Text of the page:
The only people who matter in Weinergate -- New York voters -- have spoken. Their verdict?
An informal poll on Weinergate published Saturday in The Daily Beast asked 100 New Yorkers -- including some in Rep. Weiner's district -- what they thought of it. The poll found most of the people asked said they didn't care about it one way or another, haven't changed their opinion of Weiner, would vote for him again, don't think he sent the picture, and that it isn't of him.
The bottom line? Anthony Weiner (D-NY) may have botched the media strategy and embarrassed himself hugely; but he's still in Congress, he isn't going anyplace and, assuming he's the same guy he was before this attempt was made on his political life, he'll live to fight another day.
And when the time comes, I'm guessing the people who attacked him, and the people behind it, can expect something in return. After all; Anthony Weiner is from Brooklyn.
At this point, the details of this manufactured scandal, or Rep. Weiner's missteps handling it, don't really need much repeating. We all know somebody hacked into his Twitter account and sent a link to a picture of some guy's underpants to a Seattle student; that Andrew Breitbart put it on his web site, took it right down, and proceeded to flog the story; and that the media treated this sliming like the assassination of Lincoln -- probably because it was timed for a Memorial Day weekend, when there was nothing else to report. People paying attention -- and who could look away -- know that the more Weiner talked about it, the worse it got for him.
What's gone largely unremarked is that the tactics used against Rep. Weiner are the ones at the top of the Right Wing toolkit. At a minimum, the Right Wing displays a fondness for tactics, and a willingness to stoop, that I think have no place in the public sphere.
Politics may not be beanbag, and America's witnessed nasty politics since the election of 1800; but to the extent there a direct line between the infamous Willie Horton ad for Bush the Elder in 1988 and the attack on Rep. Weiner, that line has been going downhill at 45 degrees.
How much lower it can go is beyond me, but I have confidence in the Right Wing; they'll find a way. After all, they believe the ends justify the means, even though in politics, there are no ends -- only means. And if a politician uses means like the ones thrown at Rep. Weiner, people willing to vote for him or her need to ask; if this is what they're made of, what'll they do to the country?
The Right Wing seems addicted to conducting business at gunpoint, with the safety off and the barrel in their target's ear -- most recently, in the country's ear. Sure, all politics and much of business is conducted at gunpoint. Extortion and blackmail are all part of it. And every negotiation has an "or" in it.
But usually, people know the guns are there; they don't need to be waved about. And people who don't care how they get somebody, and don't care how much collateral damage they cause doing it, are like terrorists willing to blow up a loaded airliner to kill one man.
But since the Right Wing we've come to know is full of fronts for the John Birch Society -- the two main figures behind it are Richard Mellon Scaife and the Koch brothers, all sons of JBS founders -- maybe we shouldn't be surprised.
After all, in the 1970s the JBS, through its future chairman, Dr. Larry McDonald, promoted and profited from the laetrile fraud. Treating patients with laetrile was murder and you can't tell me McDonald, an internist, didn't know it.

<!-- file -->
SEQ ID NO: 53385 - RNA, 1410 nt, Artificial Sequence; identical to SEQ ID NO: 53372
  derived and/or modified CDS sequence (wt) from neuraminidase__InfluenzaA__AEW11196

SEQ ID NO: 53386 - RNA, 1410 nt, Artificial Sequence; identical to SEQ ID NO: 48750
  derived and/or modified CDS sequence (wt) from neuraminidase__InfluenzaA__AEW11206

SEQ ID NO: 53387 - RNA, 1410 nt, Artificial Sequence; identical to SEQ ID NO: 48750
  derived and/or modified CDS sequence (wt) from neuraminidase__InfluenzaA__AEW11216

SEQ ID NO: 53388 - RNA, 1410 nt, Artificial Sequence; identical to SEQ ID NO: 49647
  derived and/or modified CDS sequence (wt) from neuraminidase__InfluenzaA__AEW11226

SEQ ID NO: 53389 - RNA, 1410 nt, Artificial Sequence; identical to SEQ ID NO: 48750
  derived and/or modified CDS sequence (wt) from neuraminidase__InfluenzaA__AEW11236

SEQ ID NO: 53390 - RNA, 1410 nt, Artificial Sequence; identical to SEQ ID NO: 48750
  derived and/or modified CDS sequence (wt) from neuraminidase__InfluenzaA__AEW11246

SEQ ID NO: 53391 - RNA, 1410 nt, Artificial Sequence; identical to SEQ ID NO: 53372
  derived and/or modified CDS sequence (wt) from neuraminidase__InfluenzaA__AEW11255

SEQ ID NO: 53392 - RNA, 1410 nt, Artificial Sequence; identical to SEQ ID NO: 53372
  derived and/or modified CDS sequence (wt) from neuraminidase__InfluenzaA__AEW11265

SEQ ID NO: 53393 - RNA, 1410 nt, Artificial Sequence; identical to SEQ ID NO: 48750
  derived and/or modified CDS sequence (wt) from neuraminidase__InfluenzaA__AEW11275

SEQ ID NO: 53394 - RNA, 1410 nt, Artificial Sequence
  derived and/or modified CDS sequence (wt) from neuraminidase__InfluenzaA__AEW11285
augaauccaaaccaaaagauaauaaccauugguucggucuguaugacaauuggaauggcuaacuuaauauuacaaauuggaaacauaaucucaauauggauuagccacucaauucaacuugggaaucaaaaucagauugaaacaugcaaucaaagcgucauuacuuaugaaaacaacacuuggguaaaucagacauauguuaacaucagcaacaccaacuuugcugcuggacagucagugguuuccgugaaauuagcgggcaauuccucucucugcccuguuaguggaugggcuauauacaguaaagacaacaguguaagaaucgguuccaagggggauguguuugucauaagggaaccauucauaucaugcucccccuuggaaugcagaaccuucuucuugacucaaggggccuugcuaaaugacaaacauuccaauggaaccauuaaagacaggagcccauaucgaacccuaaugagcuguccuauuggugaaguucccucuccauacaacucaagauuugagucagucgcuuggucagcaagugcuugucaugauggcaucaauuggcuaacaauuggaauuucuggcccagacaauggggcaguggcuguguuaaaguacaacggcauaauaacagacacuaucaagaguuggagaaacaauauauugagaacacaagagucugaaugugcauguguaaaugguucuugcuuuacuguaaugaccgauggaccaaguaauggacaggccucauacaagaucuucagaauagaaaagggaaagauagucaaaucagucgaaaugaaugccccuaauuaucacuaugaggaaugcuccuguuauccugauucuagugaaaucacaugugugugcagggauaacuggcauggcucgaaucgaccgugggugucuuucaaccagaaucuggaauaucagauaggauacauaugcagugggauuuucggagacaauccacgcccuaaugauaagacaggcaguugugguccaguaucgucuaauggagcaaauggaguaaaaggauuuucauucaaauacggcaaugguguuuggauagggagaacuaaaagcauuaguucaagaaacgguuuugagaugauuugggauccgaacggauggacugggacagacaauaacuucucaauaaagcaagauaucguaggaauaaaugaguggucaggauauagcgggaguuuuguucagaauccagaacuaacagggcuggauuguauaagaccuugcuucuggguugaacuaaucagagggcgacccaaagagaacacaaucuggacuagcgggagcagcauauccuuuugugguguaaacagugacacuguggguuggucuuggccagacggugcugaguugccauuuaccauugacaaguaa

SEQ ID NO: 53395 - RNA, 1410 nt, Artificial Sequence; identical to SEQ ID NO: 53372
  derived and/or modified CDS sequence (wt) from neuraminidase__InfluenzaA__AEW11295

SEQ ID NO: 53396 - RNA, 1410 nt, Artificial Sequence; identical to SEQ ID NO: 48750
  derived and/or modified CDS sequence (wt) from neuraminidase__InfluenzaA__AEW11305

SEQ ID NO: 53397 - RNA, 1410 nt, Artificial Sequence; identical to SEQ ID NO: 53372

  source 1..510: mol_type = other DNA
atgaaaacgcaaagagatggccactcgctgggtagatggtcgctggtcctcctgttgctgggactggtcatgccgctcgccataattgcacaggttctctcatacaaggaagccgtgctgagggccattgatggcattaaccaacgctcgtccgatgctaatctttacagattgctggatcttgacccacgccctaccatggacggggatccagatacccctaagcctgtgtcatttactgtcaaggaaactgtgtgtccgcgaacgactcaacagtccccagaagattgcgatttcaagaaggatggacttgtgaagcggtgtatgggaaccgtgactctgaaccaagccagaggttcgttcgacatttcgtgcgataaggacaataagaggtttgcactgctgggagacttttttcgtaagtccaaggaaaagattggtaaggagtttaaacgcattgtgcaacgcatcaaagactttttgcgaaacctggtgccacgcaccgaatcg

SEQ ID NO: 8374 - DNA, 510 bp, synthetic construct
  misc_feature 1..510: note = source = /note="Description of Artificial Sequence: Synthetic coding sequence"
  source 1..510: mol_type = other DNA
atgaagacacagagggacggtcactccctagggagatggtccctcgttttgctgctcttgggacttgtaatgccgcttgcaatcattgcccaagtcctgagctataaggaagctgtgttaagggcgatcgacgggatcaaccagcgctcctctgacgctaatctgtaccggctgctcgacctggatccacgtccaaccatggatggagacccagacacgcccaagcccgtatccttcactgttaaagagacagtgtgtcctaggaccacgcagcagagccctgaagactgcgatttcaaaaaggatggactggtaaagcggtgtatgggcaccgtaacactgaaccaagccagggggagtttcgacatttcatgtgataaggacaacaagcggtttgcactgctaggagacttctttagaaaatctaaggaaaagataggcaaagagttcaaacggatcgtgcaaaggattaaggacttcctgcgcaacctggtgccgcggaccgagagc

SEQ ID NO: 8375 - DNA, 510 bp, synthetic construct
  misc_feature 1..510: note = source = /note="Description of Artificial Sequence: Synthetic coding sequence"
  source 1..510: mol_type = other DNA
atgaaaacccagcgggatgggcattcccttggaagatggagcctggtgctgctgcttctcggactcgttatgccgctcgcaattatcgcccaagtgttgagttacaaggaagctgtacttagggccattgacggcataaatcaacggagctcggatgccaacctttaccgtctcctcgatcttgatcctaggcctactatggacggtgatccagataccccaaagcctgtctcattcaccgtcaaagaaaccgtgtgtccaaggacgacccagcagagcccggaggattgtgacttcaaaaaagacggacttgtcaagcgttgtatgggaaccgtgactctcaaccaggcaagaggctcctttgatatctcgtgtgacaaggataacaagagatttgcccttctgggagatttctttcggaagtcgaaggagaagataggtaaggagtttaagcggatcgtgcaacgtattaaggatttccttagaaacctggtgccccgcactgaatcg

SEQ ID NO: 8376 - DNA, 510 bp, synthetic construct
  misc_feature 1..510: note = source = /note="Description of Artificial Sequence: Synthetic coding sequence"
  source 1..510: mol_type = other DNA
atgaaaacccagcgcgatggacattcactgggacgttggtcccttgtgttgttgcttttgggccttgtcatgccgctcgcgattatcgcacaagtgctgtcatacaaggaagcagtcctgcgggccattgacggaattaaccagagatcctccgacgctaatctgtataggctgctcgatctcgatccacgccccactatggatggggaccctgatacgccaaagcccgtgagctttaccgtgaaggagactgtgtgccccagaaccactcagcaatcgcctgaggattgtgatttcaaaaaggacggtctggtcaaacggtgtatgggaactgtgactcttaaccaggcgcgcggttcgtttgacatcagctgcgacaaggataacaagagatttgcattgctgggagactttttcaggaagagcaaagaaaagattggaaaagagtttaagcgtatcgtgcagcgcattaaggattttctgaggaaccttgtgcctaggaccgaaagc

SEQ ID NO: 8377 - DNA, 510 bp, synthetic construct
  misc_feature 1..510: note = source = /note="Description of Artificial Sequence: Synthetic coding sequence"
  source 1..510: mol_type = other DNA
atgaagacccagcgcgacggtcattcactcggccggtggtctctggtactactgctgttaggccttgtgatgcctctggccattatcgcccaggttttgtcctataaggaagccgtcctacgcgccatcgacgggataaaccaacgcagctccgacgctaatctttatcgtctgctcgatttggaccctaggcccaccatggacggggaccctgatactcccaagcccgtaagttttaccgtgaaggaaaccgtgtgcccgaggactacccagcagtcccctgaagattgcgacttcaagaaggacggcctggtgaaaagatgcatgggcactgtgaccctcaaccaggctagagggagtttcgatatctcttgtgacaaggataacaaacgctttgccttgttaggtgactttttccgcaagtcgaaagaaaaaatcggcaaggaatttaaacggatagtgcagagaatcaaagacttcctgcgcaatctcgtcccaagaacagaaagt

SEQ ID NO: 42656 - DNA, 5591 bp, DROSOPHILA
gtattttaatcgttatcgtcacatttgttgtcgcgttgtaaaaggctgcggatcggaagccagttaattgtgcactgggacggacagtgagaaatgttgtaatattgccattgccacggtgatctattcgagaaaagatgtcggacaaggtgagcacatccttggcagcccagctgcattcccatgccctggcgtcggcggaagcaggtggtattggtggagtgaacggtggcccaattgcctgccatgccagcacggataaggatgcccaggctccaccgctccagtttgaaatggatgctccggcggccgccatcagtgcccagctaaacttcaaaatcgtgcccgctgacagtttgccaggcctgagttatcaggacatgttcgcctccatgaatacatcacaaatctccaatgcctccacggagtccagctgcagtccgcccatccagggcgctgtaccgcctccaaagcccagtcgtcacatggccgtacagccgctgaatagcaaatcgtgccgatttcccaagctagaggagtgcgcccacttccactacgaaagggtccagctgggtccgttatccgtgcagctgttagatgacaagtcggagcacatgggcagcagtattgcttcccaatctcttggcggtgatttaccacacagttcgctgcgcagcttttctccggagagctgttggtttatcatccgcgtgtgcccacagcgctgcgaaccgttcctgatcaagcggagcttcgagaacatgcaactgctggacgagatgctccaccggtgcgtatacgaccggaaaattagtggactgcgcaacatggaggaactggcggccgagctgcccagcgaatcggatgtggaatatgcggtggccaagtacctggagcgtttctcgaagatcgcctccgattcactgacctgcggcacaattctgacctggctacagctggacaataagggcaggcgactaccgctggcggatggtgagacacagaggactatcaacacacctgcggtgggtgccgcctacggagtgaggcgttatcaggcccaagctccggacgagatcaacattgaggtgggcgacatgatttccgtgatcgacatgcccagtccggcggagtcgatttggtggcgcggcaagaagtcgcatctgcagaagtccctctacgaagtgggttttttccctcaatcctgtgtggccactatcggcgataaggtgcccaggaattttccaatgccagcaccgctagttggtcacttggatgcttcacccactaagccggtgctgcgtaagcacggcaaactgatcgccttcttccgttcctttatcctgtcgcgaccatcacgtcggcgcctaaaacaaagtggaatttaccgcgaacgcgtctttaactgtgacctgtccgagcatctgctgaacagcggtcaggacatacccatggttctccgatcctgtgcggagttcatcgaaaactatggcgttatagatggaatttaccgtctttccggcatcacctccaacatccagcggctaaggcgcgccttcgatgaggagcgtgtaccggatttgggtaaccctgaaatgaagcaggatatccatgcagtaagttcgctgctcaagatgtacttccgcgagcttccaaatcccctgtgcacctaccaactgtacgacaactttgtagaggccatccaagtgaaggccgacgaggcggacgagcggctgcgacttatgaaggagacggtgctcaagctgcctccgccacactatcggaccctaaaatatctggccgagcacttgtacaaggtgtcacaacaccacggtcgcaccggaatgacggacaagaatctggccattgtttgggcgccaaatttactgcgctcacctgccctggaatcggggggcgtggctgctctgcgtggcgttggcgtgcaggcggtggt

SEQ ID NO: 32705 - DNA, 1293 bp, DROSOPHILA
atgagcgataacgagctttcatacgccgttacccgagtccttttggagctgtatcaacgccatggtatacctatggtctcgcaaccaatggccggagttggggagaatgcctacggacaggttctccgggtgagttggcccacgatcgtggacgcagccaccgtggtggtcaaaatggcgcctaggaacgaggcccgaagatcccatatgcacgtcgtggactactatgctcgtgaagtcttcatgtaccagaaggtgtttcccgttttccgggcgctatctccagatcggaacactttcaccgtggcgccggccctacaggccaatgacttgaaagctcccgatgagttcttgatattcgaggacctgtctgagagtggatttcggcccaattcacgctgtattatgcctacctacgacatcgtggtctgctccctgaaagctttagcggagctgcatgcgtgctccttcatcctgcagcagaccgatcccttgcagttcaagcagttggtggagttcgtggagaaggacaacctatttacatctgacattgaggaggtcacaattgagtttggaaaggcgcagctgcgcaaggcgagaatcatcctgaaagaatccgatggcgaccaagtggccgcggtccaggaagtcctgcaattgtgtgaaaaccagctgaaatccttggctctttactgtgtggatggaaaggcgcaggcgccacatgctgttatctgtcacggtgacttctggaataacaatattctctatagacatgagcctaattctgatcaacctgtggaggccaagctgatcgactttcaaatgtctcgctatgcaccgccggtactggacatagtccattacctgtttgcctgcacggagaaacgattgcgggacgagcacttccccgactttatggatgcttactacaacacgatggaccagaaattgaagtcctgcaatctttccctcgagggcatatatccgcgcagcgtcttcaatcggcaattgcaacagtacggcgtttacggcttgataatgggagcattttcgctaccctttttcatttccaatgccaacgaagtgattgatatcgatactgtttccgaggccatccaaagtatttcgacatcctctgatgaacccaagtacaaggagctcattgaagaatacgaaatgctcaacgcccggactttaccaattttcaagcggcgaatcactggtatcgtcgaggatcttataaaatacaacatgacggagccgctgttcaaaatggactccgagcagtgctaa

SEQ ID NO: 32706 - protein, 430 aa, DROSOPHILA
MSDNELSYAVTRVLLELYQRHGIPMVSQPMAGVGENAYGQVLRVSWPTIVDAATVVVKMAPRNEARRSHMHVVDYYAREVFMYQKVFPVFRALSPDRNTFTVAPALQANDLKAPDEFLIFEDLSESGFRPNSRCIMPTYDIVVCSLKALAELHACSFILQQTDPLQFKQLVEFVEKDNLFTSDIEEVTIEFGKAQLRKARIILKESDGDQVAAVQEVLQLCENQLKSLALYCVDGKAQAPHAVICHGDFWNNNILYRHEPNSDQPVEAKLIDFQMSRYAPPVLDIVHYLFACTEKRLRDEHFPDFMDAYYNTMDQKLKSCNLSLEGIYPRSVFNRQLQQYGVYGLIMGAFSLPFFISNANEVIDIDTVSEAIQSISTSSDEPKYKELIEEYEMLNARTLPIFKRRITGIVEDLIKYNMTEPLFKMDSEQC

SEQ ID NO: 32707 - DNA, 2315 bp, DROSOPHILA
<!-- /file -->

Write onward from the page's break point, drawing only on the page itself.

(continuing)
Laetrile, for those of you who don't know, was pushed as a miracle cure for cancer. But it was made from apricot pits and full of cyanide. Cyanide attacks the central nervous system. So people "treated" with laetrile felt better because they didn't feel the cancer. Then they died. And then the people behind it all said they could have saved their victims, if only they'd come to them earlier.
William F. Buckley, Jr. and his allies marginalized the JBS in the 1960s. But unlike its victims, it didn't die. Fifty years later, the sons of people willing to finance their politics with murder are a huge influence on the Republican Party.
So are we amazed to find their operatives are perfectly willing to make penis jokes if they think it'll help them smear their enemies? Out an undercover CIA agent to punish her husband? Or risk provoking a global depression by defaulting on the national debt to get their way?
The question is more like what have they been doing we don't know about yet.
Update: Well, I was wrong to say Rep. Weiner was innocent and that the Right Wing was using baseless allegations to destroy him.
In today's political world, these tactics have unfortunately become much the norm, and since I find them distasteful and think they have no place in the public sphere, I was willing to defend a man I admired against something few people would call an admirable journalistic exercise -- factual or not.
I wrote based on the facts as I knew them at the time, and based both on the fact that no one would call Mr. Breitbart a half-hearted advocate of his political opinions, and that Rep. Weiner's habit of taking on Republicans head on gave me and so many others some satisfaction.
However, I still find this entire way of conducting the People's business to be a disservice to the nation, and I hope I always will. As for everything else I said, including that based on past and current performance, I find such behavior on the Right to be unsurprising; Well, I stand by it, and I hope I always will stand by it.
Visit me at my web site, Reinbach's Observer
HuffPost Politics brings you the top political stories three days a week. Learn more